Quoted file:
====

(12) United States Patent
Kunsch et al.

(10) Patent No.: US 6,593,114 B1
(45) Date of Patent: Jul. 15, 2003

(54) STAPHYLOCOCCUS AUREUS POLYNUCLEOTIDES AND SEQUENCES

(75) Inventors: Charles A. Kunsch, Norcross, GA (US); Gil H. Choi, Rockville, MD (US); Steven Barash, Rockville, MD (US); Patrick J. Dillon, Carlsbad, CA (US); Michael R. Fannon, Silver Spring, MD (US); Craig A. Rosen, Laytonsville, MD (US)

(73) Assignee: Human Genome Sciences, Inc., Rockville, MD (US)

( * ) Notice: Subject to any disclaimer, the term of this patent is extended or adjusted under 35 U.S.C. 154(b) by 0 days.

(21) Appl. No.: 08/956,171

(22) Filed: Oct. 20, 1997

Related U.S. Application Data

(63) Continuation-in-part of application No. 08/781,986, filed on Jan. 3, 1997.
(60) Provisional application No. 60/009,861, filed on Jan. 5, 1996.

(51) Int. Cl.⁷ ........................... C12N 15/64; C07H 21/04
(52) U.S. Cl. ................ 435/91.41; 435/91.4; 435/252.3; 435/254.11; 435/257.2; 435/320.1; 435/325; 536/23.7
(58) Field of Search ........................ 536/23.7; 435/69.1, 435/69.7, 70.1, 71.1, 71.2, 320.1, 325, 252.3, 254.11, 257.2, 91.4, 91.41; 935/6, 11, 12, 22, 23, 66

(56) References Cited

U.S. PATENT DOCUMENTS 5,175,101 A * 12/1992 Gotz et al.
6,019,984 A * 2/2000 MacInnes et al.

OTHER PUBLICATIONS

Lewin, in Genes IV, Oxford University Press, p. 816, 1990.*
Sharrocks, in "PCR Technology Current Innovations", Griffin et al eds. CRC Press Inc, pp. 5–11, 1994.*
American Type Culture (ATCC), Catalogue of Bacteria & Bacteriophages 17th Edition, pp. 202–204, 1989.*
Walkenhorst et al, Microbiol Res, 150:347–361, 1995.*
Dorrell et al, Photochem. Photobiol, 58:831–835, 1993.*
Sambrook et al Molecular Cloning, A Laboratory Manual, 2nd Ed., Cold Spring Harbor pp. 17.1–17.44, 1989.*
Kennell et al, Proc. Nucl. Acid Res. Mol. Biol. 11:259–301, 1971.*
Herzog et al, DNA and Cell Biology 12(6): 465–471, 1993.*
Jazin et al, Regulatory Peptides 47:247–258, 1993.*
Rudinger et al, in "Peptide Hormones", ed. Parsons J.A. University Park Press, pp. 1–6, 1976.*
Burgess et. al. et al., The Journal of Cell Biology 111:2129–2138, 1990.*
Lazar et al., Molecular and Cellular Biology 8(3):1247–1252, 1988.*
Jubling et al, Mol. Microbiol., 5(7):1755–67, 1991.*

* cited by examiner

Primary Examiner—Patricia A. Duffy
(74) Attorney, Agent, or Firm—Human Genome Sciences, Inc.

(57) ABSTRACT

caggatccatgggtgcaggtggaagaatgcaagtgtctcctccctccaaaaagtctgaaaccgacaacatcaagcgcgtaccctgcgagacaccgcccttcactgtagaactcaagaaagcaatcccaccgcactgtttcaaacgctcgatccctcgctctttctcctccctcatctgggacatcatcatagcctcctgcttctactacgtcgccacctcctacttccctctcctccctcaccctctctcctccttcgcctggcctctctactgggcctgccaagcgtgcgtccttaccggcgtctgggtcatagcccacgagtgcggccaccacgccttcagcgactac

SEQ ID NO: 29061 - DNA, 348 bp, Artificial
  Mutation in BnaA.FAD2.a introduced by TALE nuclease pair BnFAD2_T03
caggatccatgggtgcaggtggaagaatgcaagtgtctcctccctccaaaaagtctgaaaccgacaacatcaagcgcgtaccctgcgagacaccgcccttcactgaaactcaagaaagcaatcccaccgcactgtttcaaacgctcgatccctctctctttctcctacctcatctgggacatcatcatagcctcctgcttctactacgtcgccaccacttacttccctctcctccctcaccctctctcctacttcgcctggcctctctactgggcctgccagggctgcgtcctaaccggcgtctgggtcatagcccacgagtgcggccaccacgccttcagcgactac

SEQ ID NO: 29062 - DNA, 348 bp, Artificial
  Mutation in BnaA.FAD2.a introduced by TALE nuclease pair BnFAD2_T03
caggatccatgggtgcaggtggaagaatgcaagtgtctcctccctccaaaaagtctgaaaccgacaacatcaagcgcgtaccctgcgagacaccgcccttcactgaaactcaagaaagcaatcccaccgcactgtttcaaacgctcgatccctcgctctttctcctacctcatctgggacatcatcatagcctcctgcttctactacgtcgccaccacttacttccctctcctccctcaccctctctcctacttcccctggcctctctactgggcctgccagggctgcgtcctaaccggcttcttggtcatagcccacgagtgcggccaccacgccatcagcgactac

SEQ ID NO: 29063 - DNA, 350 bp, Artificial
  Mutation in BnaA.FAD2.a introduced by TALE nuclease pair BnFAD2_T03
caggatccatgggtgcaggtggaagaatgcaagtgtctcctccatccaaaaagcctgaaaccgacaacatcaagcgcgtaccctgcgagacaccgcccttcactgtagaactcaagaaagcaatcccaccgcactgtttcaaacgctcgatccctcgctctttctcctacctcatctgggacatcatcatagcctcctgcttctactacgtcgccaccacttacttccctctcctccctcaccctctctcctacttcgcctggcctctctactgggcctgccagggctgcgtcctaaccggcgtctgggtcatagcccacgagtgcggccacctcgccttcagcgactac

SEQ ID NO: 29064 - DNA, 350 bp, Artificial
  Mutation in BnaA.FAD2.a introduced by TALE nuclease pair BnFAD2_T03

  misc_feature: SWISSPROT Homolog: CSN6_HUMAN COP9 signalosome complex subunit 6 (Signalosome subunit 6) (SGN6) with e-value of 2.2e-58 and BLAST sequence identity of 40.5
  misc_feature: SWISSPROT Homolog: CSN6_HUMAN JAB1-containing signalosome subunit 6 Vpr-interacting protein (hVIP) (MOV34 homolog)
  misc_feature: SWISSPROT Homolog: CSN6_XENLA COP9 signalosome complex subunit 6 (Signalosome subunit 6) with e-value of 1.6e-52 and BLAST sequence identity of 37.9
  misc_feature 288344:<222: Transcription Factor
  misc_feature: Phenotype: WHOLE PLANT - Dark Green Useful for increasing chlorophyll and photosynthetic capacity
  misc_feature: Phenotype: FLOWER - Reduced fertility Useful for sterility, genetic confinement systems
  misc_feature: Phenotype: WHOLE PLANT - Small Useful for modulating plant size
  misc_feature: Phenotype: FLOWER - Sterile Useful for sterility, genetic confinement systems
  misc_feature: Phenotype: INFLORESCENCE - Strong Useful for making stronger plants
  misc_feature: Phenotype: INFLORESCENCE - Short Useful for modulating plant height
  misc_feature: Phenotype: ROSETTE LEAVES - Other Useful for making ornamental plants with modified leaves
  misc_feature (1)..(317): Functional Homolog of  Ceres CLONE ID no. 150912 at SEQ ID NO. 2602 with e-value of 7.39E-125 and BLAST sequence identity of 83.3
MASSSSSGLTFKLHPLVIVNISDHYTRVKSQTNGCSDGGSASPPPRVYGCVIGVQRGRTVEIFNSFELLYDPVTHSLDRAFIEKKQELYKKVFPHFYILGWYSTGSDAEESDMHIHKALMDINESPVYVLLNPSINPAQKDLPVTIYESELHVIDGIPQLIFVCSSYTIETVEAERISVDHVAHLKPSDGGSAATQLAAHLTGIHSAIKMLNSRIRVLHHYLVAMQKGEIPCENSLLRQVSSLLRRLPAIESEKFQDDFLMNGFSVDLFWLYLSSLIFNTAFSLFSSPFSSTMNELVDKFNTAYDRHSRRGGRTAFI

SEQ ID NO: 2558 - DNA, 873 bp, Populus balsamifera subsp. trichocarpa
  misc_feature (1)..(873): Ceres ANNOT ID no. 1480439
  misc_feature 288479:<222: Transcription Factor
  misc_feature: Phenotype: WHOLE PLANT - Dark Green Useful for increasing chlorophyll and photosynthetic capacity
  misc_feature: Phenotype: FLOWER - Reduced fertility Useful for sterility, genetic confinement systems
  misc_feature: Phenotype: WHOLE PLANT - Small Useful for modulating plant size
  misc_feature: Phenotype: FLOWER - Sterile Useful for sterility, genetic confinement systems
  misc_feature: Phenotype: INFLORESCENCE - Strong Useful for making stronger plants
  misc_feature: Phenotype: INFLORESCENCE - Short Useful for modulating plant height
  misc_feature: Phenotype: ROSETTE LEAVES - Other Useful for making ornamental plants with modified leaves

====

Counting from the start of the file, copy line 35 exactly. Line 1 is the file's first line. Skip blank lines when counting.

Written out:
Primary Examiner—Patricia A. Duffy